A.S. Face 2203: Linda

My name is Linda and I am a face of Ankylosing Spondylitis. I am 72 years old, live in suburban Detroit, Michigan and am blessed with a son, grandchildren, and great grandchildren. I retired at age 67, after working 46 years. I didn’t really want to retire, but I no longer had the strength for the daily battles.
I have lived with the complexities of this disease all my life, along with several other conditions. From the time I was born I was unable to tolerate most foods. I eventually went on to live a fairly nor-mal life, albeit one with pain and discomfort. My father would rub my legs and back in order to ease the pain enough for me to fall asleep. I was never given any “passes” though. No one ever believed that I was really hurting. Thought I was just making it up. When I did go to the doctor, and they would ask what hurt, I wanted to say everything! Of course, I knew they wouldn’t believe me either, so I would say my hip, or my knee, or my foot, etc.
My serious pain and mysterious issues started in my 20’s. I was told more than once that I had Rheumatoid Arthritis or Lupus, even when the tests came back negative. They said I would not live more than five more years. Made me so angry that I didn’t see doctors except when I had to. I had a son to raise and had no intention of leaving this earth until that was done. I seemed to always have one infec-tion after another – kidney, respiratory, throat, ear, intestinal, female related, etc. Had a rare virus which resulted in hepatitis, meningitis, and encephalitis. Fatigue, low grade fever, joint and muscle pain were my constant companions. Following doctor’s advice, I was taking 13-15 aspirin a day, plus other self-help remedies, which only resulted in many, many ulcers and being medicated for that.
I discovered that I had Celiac Disease when I was 39, purely by accident. I was having problems with my neck and the doctor showed me my x-ray, saying I had premature osteoporosis. He said I was way too young and had no clue why I had it. He gave me a script for Motrin and sent me home. I start-ed researching premature osteoporosis, and found out that it was a precursor for Celiac disease. My mother had Celiac (also diagnosed late in life) but was soon also diagnosed with dementia, so I hadn’t even thought about the hereditary implications of Celiac. I was then tested for Celiac with positive re-sults. Went on a strict gluten-free diet and was much improved in that area.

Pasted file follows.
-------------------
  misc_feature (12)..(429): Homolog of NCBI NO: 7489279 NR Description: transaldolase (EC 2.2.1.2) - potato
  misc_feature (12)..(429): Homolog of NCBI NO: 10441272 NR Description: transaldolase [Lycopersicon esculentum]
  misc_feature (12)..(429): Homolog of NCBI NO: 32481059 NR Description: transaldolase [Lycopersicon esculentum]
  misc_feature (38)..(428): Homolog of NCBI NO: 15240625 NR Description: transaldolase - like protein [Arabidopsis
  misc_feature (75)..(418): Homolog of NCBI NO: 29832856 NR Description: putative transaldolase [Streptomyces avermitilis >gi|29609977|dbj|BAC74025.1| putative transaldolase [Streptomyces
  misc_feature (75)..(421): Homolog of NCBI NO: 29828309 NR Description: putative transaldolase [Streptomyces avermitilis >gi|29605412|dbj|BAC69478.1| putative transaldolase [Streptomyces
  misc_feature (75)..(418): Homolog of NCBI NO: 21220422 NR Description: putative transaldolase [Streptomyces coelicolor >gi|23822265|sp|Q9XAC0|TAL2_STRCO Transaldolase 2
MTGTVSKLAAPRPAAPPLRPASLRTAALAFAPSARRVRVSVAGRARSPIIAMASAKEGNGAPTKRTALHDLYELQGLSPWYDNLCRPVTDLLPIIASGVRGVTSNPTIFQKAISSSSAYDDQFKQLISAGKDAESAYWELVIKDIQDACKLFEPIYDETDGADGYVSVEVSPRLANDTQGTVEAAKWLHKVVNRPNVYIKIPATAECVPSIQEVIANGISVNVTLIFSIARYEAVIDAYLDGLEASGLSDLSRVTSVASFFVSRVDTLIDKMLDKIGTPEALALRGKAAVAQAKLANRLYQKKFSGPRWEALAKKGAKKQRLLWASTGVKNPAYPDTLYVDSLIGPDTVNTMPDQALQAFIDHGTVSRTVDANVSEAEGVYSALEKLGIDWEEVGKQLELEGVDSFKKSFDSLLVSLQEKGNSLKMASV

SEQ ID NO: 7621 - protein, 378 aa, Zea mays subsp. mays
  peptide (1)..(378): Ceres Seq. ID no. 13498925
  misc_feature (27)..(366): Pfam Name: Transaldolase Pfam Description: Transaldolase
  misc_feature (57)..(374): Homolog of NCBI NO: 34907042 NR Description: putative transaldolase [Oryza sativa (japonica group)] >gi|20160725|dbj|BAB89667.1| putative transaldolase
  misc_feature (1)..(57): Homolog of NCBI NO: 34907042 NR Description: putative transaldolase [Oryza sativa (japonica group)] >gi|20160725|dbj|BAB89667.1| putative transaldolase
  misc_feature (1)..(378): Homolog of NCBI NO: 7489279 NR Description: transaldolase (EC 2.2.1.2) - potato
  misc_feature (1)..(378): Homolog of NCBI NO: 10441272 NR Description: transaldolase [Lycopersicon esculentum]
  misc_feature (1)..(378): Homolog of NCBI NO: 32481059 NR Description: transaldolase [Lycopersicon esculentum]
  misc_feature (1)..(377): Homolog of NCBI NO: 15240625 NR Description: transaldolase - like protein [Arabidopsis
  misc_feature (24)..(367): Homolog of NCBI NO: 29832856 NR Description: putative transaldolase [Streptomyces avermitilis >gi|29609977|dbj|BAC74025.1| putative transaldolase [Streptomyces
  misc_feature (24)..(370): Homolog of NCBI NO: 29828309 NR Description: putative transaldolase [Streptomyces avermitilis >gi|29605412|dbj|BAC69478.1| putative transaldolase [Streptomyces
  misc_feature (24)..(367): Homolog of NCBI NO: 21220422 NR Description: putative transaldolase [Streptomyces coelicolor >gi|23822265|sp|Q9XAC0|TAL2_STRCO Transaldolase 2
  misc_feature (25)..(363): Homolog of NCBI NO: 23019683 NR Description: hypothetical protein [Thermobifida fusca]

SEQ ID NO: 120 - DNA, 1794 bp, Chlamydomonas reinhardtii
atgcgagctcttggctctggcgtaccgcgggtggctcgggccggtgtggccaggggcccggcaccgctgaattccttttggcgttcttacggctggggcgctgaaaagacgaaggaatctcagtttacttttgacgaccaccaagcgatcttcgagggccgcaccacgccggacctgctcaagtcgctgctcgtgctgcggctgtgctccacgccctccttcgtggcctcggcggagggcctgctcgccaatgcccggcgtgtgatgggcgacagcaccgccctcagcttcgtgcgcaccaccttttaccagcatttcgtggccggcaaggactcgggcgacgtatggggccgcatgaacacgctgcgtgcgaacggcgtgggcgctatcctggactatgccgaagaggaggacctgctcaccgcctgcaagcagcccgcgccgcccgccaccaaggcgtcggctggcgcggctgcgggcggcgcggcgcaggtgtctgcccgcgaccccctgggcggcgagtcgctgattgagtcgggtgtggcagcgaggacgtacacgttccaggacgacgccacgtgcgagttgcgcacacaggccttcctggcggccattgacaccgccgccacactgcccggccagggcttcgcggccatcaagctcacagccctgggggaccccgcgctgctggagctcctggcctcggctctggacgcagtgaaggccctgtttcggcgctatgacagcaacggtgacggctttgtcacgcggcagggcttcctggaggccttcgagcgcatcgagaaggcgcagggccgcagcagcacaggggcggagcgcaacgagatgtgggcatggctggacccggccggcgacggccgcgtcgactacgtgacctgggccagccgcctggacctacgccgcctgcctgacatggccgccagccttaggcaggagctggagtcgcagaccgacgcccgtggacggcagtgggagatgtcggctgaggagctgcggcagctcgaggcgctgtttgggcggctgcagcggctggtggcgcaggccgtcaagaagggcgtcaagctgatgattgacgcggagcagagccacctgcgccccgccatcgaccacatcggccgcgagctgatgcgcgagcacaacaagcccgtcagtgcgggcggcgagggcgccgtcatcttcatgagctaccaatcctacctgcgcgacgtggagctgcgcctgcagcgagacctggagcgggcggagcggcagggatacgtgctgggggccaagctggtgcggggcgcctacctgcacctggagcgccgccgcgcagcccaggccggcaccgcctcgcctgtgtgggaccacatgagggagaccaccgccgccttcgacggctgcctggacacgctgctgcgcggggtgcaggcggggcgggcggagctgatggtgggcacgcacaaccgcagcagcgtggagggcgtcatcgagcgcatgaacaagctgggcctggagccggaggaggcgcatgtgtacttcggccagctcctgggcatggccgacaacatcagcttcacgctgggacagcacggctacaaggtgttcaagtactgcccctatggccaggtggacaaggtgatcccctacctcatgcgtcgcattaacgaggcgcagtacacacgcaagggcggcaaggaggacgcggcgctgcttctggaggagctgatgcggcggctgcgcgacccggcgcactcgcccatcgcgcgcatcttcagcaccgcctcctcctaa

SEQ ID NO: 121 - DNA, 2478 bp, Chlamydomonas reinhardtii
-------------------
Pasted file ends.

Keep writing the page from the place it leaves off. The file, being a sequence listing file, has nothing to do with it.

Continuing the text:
I have had various medical issues over the years; some which I now realize are undoubtedly re-lated to my Spondylitis. Bone and muscle pain of course, unending fatigue, Reynaud’s syndrome, ten-donitis, bursitis, trigeminal neuralgia, vertigo, surgery for two kinds of cancer, cramping everywhere, many allergies and reactions, flu-like symptoms, vitamin deficiencies, psoriasis, bone loss, many bone spurs, torn ligaments and tendons, stomach and intestinal conditions, and aortic insufficiency, to name a few.
I was diagnosed with Spondylitis in 2011, when I was 64 years old. The Rheumatologist wanted to put me on Methotrexate or some other AS related medicine, but I felt that at my age, and in my condi-tion, the risks outweighed the benefits. With all my issues, she was cautious about treating me. She said “You scare me”. In addition to the aforementioned, I have developed type II diabetes, emphysema, iron deficiency anemia, high blood pressure, gastroparesis, diverticular disease, GERD, and hepatocellular disease. I treated myself fairly successfully for many years with ibuprofen, along with my special diet and stomach meds. The ibuprofen has however, taken a toll and I can no longer take it. I now get iron infusions when I need them, take pain meds only (Tylenol and Tramadol), omeprazole, Metformin, Lis-inopril, plus topical medications for my psoriasis. I am now on a walker, and my worst issues are my jaw, neck, hands, shoulders, ribs, back and hips.
Quite honestly, I am amazed that I am still here. I have lived my life with purpose and love, and I believe that has helped see me through the hard times. I pray that I have not passed on the inheritable tendency for this disease to my loved ones. Hopefully there will be new medical intervention for those that come after me. Now that I am older, and tend to look back now and then, it is the joy and love I remember – much more so than the trials and tribulations. Lately, it has meant so much to be able to read the stories of others similar to myself. I don’t feel as alone.

Michigan, United States of America


2 Responses to “A.S. Face 2203: Linda”

  1. Dear Linda,
    Thank you so much for sharing your story with us.
    Sincerely Cookie

  2. So much of your story sounds like my Mother’s story. It is a tragedy when a person has to wait sixty plus years for a diagnosis. May you blessed with comfort and strength as you continue this journey my AS sister. Much love and a big warm hug to you.

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